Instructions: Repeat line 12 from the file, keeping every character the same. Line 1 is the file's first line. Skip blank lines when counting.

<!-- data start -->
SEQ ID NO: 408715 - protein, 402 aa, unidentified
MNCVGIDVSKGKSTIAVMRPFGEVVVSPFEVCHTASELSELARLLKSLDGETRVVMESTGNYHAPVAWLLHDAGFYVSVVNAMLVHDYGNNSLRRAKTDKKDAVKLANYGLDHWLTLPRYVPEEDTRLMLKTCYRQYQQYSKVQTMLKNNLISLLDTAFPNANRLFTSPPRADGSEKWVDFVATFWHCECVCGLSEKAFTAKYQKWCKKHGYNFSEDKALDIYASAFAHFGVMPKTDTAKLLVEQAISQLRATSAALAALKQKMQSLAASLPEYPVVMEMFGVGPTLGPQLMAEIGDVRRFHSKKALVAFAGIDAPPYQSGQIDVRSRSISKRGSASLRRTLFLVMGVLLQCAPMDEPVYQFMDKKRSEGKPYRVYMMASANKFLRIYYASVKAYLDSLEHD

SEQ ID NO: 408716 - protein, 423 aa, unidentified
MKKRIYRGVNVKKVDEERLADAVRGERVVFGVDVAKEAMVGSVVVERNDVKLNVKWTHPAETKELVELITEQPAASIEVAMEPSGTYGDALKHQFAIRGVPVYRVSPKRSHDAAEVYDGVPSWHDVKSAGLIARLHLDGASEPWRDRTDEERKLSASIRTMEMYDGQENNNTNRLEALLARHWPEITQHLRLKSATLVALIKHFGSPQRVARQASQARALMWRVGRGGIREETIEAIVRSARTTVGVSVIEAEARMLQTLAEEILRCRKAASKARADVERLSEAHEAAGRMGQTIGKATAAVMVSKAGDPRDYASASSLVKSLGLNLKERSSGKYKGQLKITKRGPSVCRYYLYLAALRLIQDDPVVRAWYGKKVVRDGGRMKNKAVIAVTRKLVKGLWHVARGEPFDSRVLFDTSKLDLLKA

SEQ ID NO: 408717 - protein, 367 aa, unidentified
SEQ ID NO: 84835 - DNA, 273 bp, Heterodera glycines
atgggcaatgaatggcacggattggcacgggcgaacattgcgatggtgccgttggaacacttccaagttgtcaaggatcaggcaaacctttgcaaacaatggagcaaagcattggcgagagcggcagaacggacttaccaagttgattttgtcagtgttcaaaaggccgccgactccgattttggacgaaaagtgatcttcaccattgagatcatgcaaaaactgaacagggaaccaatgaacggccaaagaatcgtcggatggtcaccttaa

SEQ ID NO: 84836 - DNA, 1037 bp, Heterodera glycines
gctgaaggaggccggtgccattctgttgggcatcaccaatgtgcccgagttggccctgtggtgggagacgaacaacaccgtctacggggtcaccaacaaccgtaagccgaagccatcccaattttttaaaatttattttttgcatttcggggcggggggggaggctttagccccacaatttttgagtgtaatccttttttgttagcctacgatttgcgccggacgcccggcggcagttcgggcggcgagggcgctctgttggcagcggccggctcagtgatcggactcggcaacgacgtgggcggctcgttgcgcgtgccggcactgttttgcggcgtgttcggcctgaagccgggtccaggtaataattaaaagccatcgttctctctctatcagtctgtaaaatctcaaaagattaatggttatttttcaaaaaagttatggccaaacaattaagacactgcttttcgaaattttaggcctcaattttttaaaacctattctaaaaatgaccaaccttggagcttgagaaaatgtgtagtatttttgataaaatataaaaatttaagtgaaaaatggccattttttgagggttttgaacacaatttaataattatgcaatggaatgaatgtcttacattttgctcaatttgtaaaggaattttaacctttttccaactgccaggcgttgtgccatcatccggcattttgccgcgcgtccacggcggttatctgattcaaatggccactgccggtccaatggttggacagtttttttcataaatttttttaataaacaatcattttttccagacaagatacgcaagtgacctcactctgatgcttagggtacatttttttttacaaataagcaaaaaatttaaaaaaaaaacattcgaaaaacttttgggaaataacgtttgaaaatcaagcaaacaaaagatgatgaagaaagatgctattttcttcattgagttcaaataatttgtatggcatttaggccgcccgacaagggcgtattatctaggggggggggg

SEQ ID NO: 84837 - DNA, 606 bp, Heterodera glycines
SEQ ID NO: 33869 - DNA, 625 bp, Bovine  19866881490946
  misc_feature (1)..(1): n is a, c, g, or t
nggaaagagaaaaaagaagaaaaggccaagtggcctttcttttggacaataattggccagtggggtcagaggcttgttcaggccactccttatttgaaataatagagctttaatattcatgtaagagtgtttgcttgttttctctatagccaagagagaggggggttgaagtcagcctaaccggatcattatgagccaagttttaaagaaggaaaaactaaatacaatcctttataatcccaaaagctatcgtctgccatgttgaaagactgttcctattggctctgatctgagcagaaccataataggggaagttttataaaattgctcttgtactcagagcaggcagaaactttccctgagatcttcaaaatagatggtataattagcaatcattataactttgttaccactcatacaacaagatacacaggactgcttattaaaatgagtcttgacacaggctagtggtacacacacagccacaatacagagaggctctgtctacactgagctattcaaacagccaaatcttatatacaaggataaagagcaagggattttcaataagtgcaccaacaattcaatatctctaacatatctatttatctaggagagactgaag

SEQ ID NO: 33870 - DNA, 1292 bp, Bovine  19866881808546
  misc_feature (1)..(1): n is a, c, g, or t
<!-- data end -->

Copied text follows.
  misc_feature (1)..(1): n is a, c, g, or t